• Madeleine Albright, former U.S. Secretary of State
  • Ken Duberstein, former chief of staff for President Ronald Reagan
  • Greta Van Susteren, host of "On the Record", FOX News Channel
  • Trey Grayson, director of the Harvard University's Institute of Politics
  • Jim Kolbe, former U.S. Congressman

Several new board members will be announced over the next few months.

National Institute for Civil Discourse initiatives will include:

  • Convening major policy discussions with elected officials, policymakers and advocates on topics that tend to generate polarized positions.
  • Promoting civil discourse, civic engagement and civic leadership.
  • Organizing workshops and conferences in Washington, D.C., Tucson and across the country.
  • Promoting a national conversation among prominent public figures from government, business and media regarding challenging political issues in a non-partisan setting.
  • Developing programs and research centered around the exercise of First Amendment freedoms conducted in a way that respects both the ideas of others, and those who hold them.

The commitment by the honorary co-chairs and board members reflect a commitment by highly influential leaders to cross political boundaries to address issues that divide many Americans.

"The mission of the National Institute for Civil Discourse is essential for our nation's future success," said O'Connor. "I am pleased to be part of the effort to unite Americans across the political spectrum in constructive debate about critical issues."

"Civil discourse does not require people to change their values, but should provide an environment that all points of view are heard and acknowledged," said Daschle. "If our nation is to successfully address its problems, we must unite behind shared values and principles and bring people together to develop solutions."

The institute is in the process of naming a working board that will be chaired by DuVal.

The National Institute for Civil Discourse will be housed in the UA's School of Government and Public Policy, in collaboration with the UA Rehnquist Center on the Constitutional Structures of Government in the James E. Rogers College of Law and other departments throughout the University.

Fletcher McCusker, chairman of the board and chief executive officer of Providence Service Corporation, headquartered in Tucson, is the first to step forward to provide community support for the project.

Joseph Anderson, former chairman and chief executive officer of Schaller Anderson, also has pledged a major gift to enable the establishment of the institute.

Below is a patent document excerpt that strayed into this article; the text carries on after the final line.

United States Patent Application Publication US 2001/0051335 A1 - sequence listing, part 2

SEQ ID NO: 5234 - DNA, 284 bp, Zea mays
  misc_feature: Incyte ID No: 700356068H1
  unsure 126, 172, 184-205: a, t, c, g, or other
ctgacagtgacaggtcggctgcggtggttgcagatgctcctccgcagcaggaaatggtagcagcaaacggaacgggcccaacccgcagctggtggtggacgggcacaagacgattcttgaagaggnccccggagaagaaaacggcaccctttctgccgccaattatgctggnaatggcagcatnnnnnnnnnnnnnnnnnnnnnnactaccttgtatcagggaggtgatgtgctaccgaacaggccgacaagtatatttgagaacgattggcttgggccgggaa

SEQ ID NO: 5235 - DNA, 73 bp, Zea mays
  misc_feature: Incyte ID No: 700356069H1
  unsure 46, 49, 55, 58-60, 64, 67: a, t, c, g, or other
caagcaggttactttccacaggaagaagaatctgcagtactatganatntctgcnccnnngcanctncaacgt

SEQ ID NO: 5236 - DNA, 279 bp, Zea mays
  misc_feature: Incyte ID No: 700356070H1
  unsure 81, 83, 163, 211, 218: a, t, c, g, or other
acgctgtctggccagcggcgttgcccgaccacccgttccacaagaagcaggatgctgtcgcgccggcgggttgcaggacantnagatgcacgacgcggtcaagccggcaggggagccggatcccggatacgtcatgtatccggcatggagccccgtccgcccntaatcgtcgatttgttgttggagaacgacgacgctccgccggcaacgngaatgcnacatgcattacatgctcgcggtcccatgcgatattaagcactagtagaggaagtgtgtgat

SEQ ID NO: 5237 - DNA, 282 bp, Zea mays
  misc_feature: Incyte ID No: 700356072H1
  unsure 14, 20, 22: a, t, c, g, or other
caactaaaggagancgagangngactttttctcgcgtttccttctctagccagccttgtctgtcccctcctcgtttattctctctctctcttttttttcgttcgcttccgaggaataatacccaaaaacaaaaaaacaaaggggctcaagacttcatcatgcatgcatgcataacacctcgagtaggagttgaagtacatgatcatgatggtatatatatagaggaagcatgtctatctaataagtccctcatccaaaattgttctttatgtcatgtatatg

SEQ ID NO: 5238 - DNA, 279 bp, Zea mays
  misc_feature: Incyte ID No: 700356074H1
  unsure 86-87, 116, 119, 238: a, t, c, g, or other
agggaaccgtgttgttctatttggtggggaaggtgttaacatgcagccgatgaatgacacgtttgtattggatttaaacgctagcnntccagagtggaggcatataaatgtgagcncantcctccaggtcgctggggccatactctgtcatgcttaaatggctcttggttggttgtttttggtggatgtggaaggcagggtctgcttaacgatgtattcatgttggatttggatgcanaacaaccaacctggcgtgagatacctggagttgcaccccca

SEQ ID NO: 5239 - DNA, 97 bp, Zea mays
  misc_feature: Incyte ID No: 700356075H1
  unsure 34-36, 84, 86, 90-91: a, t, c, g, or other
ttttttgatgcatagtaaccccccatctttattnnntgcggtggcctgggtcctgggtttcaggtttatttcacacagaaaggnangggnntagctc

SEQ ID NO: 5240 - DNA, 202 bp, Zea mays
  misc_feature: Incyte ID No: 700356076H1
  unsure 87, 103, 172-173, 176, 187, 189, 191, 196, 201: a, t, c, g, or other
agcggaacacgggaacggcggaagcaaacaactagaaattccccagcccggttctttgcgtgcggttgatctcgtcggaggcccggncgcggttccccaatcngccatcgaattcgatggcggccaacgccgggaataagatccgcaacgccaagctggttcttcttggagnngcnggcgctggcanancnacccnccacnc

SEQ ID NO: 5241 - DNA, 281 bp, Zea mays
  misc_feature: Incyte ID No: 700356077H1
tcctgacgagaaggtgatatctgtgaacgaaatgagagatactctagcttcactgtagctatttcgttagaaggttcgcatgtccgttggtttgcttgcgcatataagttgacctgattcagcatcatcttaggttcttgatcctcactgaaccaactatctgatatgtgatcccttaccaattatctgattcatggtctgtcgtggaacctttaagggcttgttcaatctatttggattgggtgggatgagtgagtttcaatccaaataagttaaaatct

"The University of Arizona is a place where all political views are welcome and where discussion and vigorous debate can take place in a respectful manner," said UA President Robert N. Shelton. "I am pleased that the National Institute for Civil Discourse will advance the cause of elevating the tone of our nation’s political rhetoric."

"The University of Arizona is committed toward helping provide solutions to the challenges facing our country," said UA Provost Meredith Hay. "It is an ideal home for the National Institute for Civil Discourse, which will focus on bringing Americans of all political backgrounds together to solve problems collaboratively."

One of the key goals for the institute is to connect people with diverse viewpoints and to offer a venue for vigorous and respectful debate.

Among the institute’s first events will be an executive forum with media, foundation, academic, government and corporate leaders regarding moving forward the national conversation about civil discourse and proceeding with constructive solutions.

1 comment:

Kabir (kabzj) said...

Dear friend,

I'm concerned your skepticism for this initiative may come from some idea that it is not suitably “integral”. I know I have heard this view from others, and may have fallen prey to it myself.

I want to be sure to give voice to the view that an integral embrace needs these evolutionary systems at the very level of development that they exist. As such they become steppingstones, or bridges that allow the possibility of meaningful connection between the evolving value spheres.

I'm certainly no fan of Fox news, but if they're willing to come to the table–I say let's serve what they might eat…